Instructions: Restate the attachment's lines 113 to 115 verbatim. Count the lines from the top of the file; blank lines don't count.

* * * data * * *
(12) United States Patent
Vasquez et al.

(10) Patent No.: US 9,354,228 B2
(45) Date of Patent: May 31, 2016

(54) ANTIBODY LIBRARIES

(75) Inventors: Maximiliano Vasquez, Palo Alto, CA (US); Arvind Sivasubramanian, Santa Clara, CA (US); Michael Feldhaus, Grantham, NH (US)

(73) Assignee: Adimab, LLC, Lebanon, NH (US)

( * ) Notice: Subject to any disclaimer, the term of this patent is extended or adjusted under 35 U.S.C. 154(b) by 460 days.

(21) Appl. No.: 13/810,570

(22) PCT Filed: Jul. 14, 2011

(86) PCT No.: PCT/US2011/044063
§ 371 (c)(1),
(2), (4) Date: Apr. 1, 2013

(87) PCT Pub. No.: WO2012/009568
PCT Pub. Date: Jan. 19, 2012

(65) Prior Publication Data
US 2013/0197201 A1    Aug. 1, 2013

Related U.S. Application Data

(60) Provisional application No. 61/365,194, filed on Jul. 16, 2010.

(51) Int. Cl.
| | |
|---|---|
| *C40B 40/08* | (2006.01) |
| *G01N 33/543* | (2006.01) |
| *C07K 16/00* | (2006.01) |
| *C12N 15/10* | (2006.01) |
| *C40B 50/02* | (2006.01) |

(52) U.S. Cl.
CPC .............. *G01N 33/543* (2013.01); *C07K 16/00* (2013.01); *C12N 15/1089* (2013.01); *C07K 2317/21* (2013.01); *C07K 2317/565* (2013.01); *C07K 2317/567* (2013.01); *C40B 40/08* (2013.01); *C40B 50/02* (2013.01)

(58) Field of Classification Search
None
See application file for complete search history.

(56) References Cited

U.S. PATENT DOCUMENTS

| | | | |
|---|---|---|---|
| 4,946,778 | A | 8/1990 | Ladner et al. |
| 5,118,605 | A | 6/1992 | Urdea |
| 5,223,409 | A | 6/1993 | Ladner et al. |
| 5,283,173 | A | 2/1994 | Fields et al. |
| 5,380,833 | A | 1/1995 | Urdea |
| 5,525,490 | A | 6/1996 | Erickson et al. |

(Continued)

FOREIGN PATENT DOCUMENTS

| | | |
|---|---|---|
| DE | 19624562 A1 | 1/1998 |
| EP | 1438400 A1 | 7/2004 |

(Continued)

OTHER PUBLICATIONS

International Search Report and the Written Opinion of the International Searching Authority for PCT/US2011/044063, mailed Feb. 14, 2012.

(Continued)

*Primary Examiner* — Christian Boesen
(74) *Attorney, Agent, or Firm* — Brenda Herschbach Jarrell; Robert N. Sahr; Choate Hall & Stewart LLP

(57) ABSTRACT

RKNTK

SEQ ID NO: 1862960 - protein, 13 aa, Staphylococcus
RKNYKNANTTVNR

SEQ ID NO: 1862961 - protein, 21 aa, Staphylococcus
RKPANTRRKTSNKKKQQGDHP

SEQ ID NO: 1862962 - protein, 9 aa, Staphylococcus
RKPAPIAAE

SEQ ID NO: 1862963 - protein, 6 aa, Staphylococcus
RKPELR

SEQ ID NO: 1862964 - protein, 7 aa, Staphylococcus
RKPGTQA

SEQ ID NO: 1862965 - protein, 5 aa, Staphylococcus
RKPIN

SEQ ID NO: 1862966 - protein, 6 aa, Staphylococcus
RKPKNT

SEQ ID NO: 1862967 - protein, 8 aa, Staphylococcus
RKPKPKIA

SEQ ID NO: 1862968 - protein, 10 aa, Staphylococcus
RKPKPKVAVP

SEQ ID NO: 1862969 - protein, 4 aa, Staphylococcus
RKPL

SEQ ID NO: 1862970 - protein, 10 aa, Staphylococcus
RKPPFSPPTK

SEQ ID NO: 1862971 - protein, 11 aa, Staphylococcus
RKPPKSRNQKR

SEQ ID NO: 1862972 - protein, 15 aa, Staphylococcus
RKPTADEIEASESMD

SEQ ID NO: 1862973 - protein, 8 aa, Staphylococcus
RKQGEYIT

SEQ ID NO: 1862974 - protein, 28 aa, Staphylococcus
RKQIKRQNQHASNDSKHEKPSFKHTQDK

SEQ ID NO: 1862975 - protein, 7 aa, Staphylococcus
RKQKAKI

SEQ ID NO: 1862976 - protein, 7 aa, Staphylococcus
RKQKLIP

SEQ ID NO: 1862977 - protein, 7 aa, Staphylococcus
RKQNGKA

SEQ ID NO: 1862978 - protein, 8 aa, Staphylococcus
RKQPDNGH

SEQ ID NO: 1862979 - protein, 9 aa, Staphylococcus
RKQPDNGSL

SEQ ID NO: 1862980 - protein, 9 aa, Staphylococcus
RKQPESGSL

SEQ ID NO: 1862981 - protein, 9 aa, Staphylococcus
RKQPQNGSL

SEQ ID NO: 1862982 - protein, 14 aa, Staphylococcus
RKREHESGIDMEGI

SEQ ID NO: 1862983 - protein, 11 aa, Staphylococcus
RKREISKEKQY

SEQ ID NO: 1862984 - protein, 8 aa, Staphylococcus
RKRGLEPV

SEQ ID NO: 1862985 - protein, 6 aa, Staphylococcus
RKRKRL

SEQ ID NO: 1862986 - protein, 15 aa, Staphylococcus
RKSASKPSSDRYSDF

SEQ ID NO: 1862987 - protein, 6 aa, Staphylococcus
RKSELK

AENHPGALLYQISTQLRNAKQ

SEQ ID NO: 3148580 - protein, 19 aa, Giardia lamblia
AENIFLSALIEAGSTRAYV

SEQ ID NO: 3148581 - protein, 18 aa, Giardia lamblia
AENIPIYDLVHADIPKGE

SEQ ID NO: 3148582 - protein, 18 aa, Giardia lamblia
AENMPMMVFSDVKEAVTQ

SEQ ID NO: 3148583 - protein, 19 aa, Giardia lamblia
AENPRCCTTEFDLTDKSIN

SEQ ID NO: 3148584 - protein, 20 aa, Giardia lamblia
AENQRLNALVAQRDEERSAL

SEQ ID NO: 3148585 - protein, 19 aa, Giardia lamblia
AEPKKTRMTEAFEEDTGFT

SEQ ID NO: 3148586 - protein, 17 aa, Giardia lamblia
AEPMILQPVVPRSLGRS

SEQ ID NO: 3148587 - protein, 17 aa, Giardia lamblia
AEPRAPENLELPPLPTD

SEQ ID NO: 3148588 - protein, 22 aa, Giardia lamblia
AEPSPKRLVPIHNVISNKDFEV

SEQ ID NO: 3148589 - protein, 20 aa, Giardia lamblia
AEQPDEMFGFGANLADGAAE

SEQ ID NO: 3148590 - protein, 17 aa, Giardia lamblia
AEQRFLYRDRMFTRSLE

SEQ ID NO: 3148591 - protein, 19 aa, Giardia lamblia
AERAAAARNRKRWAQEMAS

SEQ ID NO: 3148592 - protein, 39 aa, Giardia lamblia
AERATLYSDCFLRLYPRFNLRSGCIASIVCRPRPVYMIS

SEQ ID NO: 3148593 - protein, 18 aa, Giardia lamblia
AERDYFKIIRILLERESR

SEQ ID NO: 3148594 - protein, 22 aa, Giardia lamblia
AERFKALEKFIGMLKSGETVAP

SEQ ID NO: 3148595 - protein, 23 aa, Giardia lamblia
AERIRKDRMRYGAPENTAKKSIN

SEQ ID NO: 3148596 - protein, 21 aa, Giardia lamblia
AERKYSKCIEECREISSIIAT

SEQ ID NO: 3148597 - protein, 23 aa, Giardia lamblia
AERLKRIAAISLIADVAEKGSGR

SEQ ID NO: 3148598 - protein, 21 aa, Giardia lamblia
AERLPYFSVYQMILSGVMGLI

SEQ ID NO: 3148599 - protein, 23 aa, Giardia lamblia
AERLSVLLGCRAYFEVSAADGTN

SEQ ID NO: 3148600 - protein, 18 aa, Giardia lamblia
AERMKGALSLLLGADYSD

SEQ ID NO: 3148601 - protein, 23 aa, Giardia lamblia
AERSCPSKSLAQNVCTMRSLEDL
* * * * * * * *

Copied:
AENHPGALLYQISTQLRNAKQ

SEQ ID NO: 3148580 - protein, 19 aa, Giardia lamblia
AENIFLSALIEAGSTRAYV